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Discussion Starter #1
To all....I've been away from 4-wheeling for a while and now want to buy my next adventure. IMO, all the manufacturers make great products. Myself, I came from a Honda Rincon, but was disappointed with no low gear, no locking front differential, and a lack of power at really important times. I'm considering the King Quad because it has all those features, but really because of it's bullet-proof reputation for dependability. I actually need the additional features for where I like to ride, but will say that I avoid the mud bogs every chance I get. Older rider....been there, done that.

Why am I hesitating? Well, it's because Suzuki also has a reputation for being a "Buick" type machine, versus a more modern design "Corvette" type. I hope everyone's OK with the analogy. All the ATV manufacturers are represented where I live, but demoing bikes in the parking lot will not be helpful in the decision. I will say that sitting on the KQ definitely sold me on the lower center of gravity and rider position. But yes, I'm considering the KQ 750, Can Am 650/850, and Polaris 850 (all with power steering).

Why do I like the Can Am products? Power and suspension, as well as being very well built, with a very modern design. Rider position seems higher than KQ.

Same for Polaris....Power, suspension, design, but very comfortable. It's hard for me to get past their previous maintenance issues, and recently was told by a major local retailer that their shop gets twice as many PoPo repairs as any other. By the way.....generally never any Suzuki repairs.

Are Suzuki's really that much better, or is it because they have so much less market share? I've owned Suzuki motorcycles before with no issue, but again, they were pretty vanilla in their performance and technology. For an old guy, I ride much harder than I should, but if you're not gonna go for it - go to the golf course instead.

Please let me have your suggestions. I am completely open at this point and look forward to everyone's thoughts.
 

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I've owned 2, 2018 Can-Am Outlanders, a 450 & 570 Max. I recently bought a 2019 KQ 750 & they are different bikes. The CanAms are a lot more fun, but the Suzuki is like a ram in the mountains, just goes through anything. It has a closed rear diff & CanAm is open. Of all the bikes, the CanAm 570 Max was the best, due to it's 8" longer wheelbase and great V-twin engine. CanAms are very well designed & I think very reliable as well. The Suzuki has better quality parts. It's like a luxury vehicle that will run through anything & the CanAm would be like a Porsche SUV; limited off road but very fun! Another difference is the way the belts engage. Suzuki is always tight which makes a lot of engine braking & CanAm just glides when you let off the gas, which I prefer. CanAm has way more tie down points, Suzuki only has the rear hitch as a tie down point for transporting. Suzuki also has a better finish, but the foot platforms are not flat for some reason. Lots of differences, I like CanAm. They're all fine though.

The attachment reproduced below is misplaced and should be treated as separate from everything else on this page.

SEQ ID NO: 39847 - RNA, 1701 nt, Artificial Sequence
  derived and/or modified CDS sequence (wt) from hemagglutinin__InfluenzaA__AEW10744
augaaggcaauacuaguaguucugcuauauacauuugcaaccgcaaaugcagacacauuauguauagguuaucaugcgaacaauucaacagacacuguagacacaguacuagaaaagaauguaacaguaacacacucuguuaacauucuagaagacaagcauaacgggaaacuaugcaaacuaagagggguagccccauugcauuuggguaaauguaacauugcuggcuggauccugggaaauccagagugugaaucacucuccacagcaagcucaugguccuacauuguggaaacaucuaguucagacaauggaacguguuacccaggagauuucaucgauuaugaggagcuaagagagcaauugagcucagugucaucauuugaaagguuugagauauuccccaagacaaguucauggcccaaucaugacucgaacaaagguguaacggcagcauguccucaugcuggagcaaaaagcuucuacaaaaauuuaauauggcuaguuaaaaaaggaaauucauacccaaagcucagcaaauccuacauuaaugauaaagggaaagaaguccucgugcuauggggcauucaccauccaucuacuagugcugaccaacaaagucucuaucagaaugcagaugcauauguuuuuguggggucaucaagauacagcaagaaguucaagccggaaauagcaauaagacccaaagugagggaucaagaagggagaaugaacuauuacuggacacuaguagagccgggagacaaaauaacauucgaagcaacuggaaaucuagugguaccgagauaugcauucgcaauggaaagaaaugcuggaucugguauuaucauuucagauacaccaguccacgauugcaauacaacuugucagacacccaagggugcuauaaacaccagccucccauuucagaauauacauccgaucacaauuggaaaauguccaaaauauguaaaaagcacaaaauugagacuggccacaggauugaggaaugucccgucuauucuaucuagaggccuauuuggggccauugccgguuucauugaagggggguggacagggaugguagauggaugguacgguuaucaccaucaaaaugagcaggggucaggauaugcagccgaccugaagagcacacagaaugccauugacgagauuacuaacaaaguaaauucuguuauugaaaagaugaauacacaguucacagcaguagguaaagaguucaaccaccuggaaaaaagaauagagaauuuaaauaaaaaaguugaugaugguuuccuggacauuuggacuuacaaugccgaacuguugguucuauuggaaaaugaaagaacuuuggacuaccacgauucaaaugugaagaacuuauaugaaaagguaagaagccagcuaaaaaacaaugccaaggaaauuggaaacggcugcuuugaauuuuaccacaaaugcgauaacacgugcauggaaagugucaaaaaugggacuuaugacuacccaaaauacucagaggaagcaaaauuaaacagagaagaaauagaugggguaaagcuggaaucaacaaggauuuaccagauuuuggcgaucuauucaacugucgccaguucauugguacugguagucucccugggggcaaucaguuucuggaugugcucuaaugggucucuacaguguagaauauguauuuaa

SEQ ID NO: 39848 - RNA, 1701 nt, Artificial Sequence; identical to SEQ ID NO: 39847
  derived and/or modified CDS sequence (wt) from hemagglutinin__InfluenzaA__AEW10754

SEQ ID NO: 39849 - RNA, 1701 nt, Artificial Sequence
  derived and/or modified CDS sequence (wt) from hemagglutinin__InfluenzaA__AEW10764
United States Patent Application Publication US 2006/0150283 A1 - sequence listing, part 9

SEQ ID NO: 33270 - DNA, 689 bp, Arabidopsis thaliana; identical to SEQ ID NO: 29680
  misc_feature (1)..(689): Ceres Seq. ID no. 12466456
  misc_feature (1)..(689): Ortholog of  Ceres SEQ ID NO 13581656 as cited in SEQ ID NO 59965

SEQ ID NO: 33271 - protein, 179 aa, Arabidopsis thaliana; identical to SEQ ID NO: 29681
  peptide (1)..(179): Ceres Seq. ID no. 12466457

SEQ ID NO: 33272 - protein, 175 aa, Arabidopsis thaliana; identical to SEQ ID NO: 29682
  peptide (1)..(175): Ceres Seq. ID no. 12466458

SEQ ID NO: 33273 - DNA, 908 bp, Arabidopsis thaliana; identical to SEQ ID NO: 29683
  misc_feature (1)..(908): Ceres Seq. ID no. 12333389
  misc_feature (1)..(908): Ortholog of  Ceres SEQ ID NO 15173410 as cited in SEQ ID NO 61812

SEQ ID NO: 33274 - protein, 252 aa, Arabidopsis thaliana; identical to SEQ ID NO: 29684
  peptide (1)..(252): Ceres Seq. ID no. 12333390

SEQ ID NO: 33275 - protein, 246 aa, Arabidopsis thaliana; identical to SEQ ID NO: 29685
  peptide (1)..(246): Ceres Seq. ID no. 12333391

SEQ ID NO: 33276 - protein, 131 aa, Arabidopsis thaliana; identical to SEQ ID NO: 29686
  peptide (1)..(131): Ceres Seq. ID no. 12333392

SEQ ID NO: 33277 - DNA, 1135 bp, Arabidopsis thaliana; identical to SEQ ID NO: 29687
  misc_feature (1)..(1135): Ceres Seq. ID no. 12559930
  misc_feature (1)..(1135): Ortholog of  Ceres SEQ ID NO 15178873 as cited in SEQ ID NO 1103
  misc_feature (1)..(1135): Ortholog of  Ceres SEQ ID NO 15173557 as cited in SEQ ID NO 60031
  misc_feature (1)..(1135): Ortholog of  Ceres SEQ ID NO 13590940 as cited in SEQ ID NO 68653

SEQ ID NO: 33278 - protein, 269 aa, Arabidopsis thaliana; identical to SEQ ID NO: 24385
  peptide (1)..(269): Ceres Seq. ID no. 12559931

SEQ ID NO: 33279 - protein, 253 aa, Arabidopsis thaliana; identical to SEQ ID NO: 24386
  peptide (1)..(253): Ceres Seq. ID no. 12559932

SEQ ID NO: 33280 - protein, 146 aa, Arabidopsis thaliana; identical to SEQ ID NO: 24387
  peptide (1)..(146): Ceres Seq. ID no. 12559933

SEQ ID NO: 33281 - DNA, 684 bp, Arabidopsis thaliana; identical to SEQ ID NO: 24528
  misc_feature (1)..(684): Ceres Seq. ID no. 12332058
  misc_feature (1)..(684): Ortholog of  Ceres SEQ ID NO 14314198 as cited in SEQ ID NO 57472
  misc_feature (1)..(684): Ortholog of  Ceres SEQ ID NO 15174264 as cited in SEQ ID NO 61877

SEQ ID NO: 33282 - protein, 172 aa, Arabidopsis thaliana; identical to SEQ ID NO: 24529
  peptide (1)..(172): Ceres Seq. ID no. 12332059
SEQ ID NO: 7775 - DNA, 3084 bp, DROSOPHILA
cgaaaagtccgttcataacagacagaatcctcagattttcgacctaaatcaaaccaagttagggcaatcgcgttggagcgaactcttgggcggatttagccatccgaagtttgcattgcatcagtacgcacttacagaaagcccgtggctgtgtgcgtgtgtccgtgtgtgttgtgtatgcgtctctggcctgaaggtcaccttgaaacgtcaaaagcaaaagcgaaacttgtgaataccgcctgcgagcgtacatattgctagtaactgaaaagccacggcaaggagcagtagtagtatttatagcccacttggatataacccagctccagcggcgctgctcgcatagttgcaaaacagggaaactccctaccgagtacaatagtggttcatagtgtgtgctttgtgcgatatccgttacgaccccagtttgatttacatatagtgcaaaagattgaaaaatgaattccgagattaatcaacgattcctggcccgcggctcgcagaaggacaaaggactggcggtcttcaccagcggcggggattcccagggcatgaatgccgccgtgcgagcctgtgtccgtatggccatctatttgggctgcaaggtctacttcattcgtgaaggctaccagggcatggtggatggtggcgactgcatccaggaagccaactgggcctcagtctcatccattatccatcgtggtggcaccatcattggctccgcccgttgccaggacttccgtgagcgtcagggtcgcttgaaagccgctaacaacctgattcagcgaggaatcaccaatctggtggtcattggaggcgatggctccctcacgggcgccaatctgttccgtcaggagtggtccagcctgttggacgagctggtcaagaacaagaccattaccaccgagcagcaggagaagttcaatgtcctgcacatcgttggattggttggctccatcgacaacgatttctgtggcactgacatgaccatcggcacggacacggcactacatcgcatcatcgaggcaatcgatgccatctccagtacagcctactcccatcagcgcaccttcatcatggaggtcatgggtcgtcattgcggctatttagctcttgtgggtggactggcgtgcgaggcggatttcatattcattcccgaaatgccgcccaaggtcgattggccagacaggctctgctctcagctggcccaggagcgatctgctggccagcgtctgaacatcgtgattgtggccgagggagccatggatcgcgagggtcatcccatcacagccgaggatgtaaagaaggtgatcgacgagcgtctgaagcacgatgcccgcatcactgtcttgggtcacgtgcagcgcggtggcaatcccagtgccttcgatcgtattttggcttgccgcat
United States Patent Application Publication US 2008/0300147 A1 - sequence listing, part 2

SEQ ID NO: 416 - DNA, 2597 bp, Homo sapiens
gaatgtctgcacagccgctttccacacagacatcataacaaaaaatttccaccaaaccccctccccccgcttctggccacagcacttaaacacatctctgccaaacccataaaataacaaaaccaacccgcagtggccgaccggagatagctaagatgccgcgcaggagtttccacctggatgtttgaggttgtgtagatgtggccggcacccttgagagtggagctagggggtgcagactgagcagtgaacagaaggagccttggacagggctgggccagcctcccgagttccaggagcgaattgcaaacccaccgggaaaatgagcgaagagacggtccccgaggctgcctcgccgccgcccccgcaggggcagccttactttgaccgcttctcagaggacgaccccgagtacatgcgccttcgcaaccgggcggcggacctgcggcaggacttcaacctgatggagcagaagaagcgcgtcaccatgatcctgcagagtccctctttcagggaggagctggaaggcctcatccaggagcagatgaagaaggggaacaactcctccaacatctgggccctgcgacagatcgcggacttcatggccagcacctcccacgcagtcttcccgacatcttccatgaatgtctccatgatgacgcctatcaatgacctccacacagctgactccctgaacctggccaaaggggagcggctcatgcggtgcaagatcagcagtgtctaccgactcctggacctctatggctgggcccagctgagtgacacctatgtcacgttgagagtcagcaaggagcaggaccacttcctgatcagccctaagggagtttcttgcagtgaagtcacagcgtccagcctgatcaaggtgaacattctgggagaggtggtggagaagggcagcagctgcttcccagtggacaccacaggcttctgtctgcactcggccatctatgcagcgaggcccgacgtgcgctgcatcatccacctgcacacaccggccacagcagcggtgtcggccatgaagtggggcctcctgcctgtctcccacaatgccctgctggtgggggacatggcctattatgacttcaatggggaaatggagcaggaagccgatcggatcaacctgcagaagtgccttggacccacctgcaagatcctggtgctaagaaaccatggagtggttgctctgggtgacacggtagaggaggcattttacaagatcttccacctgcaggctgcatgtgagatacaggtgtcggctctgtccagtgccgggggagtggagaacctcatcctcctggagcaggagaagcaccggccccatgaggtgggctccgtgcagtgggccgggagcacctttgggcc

Don't forget the Polaris bikes. They are my favorite but have been having quality problems recently from what I've read. The only bike I wouldn't want is the Hondas. They're garbage & if you removed that Honda logo, they wouldn't sell at all. Yamaha was my 1st choice, but they are pricey and don't discount them like Suzuki. I actually forgot Suzuki made quads when I was looking.
I mainly ride at Sam Houston National Forest which are tight trails through the woods with a few mud puddles.
 

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Discussion Starter #3
So having owned and liked everything you've owned, do you have any regrets with your current KQ purchase? Was there something that made you go this route, versus another?
 

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So having owned and liked everything you've owned, do you have any regrets with your current KQ purchase? Was there something that made you go this route, versus another?
King Quad is a fine bike and I don't have any regrets; nothing special though. I'm not a fan boy & like to try different brands, that's why I chose it.
The CanAms, however, were really fun bikes, but It seemed like the open differentials made it have to work harder to get through rough terrain while the Japanese bikes just roll right through in 2wd. I think the Kawasaki 750 is the best bike I've ridden for really rough stuff, but It turns like a tank & drives like a mule. If you're racing around, get the Outlander 570 Max, but if you're riding 10mph & fighting your way through trails, I'd stick with the closed diff. Japanese bikes. Also, the Yamaha & Suzuki are single cylinders making them less complex and simpler to deal with for the long haul. There are considerably less parts and information on the Suzuki because they don't sell very many quads, so consider that as well. The CanAms I had sold very quickly on Craigslist & I'd guess the Suzuki would take longer to sell. Like I said, I enjoyed the CanAm Outlander 570 Max by far over everything else.